Chris - 1 month ago 12

Python Question

I am analyzing the routine which checks if an array of N integers is a permutation (sequence containing each element from 1 to N).

I am new to python. I can't grasp how this routine gets the correct answer. Could anybody explain the logic behind the loop? especially the use of the

`counter[element-1]`

Is the counter a built-in function working on every element of A? does the

`counter[element-1]`

`A=[4,1,3,2]`

def solution(A):

counter = [0]*len(A)

limit = len(A)

for element in A:

if not 1 <= element <= limit:

return 0

else:

if counter[element-1] != 0:

return 0

else:

counter[element-1] = 1

return 1

I modified the code to see the values used within the loop, for example

`def solution(A):`

counter = [0]*len(A)

limit = len(A)

for element in A:

if not 1 <= element <= limit:

print element

print 'outside'

return 0

else:

if counter[element-1] != 0:

print 'element %d' % element

print [element-1]

print counter[element-1]

return 0

else:

counter[element-1] = 1

print 'element %d' % element

print [element-1]

print counter[element-1]

return 1

gives me

`element 4`

[3]

1

element 1

[0]

1

element 3

[2]

1

element 2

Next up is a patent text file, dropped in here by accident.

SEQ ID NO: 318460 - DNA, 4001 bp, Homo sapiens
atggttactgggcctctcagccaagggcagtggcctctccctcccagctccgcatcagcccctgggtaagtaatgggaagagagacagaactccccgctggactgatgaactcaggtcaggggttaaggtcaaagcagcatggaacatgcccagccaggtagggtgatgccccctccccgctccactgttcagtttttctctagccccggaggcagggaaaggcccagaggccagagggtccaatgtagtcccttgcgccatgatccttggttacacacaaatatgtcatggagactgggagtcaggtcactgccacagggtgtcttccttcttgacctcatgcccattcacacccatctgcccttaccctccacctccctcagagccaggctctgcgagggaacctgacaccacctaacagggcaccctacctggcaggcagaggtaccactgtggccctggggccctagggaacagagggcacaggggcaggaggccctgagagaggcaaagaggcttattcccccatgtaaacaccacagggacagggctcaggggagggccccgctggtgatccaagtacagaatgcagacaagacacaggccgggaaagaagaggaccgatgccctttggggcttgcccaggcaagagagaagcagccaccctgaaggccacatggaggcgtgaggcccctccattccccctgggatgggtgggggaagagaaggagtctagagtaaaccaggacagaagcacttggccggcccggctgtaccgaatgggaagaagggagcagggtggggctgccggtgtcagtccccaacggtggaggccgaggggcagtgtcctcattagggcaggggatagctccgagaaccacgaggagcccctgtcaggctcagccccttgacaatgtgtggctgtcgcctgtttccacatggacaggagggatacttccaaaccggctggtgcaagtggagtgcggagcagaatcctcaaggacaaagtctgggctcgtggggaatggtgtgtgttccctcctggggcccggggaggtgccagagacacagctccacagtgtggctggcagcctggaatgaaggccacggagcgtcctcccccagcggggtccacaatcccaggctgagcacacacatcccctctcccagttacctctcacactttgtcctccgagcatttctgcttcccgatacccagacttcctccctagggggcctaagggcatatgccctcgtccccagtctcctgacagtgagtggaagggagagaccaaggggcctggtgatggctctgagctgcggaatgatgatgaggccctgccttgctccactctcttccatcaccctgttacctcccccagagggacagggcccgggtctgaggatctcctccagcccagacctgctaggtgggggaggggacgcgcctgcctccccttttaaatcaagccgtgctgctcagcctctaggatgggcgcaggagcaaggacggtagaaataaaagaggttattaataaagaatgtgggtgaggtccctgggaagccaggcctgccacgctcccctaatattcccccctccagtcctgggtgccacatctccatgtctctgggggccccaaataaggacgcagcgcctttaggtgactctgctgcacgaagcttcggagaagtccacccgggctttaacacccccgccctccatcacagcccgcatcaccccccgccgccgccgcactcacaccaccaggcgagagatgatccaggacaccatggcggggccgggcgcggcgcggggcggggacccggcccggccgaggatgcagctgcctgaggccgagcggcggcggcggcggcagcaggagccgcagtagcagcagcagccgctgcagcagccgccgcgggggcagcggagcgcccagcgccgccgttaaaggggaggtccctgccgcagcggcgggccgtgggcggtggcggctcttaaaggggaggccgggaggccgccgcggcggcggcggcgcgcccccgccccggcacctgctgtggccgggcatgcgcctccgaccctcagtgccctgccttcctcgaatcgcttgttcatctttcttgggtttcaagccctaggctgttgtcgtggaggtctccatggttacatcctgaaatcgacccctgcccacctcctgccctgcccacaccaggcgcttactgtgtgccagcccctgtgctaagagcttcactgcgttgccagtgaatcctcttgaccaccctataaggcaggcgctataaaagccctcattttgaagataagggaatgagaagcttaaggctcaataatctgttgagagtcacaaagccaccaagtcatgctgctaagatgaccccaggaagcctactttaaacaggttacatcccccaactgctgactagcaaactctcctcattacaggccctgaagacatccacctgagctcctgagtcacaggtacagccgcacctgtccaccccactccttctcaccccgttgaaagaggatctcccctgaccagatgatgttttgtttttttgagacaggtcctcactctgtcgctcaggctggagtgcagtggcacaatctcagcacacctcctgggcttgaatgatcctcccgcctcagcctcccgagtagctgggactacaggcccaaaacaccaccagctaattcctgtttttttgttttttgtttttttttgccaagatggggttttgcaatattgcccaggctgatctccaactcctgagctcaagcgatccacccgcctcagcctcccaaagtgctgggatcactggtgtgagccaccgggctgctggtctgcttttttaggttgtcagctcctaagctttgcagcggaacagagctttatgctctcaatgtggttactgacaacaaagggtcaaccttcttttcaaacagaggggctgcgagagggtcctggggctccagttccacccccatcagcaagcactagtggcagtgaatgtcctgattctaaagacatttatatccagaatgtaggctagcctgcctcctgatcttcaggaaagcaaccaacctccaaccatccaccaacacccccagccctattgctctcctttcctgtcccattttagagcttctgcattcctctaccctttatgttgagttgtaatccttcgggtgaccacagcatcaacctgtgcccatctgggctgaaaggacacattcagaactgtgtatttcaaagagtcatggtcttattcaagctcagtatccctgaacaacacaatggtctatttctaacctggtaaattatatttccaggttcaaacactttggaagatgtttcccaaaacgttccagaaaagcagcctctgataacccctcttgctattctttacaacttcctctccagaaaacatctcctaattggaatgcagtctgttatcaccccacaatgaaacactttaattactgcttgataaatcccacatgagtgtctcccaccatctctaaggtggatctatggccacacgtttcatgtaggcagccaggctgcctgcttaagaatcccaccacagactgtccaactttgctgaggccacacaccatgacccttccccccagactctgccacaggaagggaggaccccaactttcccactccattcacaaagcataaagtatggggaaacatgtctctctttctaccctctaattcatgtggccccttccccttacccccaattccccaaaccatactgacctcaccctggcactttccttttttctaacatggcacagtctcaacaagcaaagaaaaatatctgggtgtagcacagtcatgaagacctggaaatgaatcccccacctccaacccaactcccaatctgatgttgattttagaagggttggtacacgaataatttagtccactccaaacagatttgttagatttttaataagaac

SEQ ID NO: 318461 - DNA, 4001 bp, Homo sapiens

[1]

1

1

I still don't get the logic. For example fot the first element, why [3] gives 1?

Answer

The idea behind the code is twofold. A permutation of the list [1, 2, ..., N] has two properties. It has only elements between 1 and N and each element just appear one time in the list. I will try explain it to you part by part this idea in the code.

```
def solution(A):
counter = [0]*len(A)
limit = len(A)
```

Assume as an example, a list [1, 3, 2].
`counter`

is initialized as a list of zeros of size len(A) = 3. Each 0 correspond to one of the elements of the list

```
for element in A:
if not 1 <= element <= limit:
return 0
```

This part condition is the most easy one. If the element is not in this range, the list cannot be a permutation of [1, 2,...N]. For instance, [1, 3, 2] is a permutation of [1, 2, 3] but [1, 6, 2] is not.

```
else:
if counter[element-1] != 0:
return 0
else:
counter[element-1] = 1
```

This next part is related with the uniqueness of each term. The `if`

checks if a number = element has already passed through this loop. The second `else`

make sure that this number is marked, so if a repeated number is found in the next iterations, the `if`

will be true and return 0.

For instance, for the list [1, 2, 2]. The first 2 would not trigger the `if`

, while the second 2 would trigger it, returning 0. On the other hand, [1, 3, 2], would never trigger the `if`

.
If all the number pass this conditions, the two properties were true and the list is a permutation.

Source (Stackoverflow)

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